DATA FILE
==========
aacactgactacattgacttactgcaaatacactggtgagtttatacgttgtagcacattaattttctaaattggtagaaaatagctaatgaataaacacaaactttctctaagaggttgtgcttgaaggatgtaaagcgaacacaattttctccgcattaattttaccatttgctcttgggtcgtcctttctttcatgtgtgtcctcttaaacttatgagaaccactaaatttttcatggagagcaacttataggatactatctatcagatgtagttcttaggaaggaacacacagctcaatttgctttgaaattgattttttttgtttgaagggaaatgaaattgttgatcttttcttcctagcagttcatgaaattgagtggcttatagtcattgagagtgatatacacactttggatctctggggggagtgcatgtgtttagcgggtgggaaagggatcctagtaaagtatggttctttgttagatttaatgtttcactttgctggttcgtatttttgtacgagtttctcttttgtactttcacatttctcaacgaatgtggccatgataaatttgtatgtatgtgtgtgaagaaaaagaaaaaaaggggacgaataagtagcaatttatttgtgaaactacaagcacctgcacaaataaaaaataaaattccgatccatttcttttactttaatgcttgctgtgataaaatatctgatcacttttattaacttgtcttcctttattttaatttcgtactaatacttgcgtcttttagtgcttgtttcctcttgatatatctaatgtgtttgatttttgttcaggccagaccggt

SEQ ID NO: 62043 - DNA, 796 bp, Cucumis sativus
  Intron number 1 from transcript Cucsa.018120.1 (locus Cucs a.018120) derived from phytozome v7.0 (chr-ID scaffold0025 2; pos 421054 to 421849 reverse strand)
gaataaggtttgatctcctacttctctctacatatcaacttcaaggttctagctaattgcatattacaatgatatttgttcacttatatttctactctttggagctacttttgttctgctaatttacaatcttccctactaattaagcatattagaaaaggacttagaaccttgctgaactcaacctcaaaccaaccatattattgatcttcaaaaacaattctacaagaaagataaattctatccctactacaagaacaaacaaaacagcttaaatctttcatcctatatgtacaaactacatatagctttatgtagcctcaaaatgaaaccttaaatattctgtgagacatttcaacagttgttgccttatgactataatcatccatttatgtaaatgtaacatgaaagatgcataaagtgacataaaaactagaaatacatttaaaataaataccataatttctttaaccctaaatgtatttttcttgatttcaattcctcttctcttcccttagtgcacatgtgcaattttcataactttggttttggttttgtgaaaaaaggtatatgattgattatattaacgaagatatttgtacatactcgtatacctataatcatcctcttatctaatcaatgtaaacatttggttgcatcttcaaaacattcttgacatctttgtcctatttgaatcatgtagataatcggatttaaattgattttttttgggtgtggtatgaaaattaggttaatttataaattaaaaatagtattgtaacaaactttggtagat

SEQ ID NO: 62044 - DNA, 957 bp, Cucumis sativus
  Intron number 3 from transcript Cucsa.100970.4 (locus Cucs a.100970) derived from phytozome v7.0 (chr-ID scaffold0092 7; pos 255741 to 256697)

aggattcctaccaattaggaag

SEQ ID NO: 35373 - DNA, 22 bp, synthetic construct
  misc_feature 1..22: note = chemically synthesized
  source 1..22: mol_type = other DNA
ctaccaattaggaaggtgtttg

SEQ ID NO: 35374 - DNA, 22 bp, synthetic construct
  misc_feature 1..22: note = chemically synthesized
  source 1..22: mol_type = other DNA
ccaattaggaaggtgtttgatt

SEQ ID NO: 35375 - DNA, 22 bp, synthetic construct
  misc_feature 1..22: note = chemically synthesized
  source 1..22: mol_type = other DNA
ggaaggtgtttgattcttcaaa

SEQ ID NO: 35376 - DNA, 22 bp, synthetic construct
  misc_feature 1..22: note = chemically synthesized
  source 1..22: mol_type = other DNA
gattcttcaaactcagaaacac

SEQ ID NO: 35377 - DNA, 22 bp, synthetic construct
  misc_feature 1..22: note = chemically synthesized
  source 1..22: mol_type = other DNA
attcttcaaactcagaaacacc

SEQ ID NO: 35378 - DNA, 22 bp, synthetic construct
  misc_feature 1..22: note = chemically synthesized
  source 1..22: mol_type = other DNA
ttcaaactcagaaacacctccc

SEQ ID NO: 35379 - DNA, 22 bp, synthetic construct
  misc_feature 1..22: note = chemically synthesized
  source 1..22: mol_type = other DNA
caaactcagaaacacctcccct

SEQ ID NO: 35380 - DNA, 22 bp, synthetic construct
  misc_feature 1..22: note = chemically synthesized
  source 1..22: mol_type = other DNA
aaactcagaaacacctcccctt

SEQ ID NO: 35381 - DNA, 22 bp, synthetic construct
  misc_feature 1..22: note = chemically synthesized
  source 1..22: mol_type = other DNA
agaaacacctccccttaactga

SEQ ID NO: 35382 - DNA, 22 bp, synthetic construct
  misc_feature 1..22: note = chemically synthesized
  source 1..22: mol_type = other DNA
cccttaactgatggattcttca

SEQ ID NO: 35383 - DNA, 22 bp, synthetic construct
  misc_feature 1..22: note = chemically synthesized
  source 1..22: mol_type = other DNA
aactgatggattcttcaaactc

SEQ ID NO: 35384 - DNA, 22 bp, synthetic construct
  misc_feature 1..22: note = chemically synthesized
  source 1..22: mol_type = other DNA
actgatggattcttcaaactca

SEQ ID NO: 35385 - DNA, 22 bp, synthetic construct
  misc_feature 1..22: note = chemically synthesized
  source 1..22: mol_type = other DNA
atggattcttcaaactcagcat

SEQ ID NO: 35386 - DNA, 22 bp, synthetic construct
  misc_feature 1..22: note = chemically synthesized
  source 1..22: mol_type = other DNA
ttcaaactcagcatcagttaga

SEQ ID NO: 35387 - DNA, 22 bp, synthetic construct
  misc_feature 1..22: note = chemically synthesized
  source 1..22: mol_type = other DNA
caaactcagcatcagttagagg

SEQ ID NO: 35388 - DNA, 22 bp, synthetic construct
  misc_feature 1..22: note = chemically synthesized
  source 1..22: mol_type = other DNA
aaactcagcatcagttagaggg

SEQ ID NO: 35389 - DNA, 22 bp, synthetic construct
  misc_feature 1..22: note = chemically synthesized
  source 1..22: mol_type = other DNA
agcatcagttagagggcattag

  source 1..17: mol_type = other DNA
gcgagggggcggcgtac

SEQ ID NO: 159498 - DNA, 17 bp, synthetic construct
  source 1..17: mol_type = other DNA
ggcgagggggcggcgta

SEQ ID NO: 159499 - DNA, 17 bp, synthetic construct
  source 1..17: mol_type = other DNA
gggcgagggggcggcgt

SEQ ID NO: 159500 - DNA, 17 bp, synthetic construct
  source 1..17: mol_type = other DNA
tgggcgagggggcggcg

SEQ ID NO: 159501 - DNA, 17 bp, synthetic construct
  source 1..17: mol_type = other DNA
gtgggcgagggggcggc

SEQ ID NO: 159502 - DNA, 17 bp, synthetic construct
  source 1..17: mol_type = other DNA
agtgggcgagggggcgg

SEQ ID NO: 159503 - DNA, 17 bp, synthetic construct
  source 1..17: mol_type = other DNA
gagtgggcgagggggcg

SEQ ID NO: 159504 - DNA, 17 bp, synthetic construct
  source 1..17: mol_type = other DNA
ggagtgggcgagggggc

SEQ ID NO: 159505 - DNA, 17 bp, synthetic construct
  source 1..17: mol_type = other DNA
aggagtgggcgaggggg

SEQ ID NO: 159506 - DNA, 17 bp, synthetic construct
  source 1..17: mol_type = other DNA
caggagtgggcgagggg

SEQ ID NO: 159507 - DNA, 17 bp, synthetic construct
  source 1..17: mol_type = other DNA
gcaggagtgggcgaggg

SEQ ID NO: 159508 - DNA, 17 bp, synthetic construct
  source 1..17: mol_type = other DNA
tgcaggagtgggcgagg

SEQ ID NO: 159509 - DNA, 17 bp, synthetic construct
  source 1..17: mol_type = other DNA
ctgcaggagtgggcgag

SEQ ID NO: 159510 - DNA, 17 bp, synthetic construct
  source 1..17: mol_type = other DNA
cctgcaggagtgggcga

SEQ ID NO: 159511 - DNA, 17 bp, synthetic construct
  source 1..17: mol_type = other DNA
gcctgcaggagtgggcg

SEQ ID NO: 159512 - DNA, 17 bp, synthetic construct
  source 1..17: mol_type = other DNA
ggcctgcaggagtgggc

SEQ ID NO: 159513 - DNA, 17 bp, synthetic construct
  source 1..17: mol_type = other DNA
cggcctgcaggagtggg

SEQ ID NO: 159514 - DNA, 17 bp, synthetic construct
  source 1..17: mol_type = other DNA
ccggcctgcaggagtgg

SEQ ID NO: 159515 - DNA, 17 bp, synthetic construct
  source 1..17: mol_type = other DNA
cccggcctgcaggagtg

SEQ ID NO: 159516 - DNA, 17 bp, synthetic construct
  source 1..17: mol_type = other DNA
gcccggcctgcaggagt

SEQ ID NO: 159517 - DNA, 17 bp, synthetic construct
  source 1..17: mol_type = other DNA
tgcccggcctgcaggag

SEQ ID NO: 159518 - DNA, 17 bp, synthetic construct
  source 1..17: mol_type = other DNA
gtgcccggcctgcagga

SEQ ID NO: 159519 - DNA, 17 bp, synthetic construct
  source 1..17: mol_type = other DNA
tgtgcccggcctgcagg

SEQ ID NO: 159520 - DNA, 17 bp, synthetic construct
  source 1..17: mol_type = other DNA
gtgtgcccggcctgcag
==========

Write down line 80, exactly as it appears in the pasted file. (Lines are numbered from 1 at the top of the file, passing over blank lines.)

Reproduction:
ggcgagggggcggcgta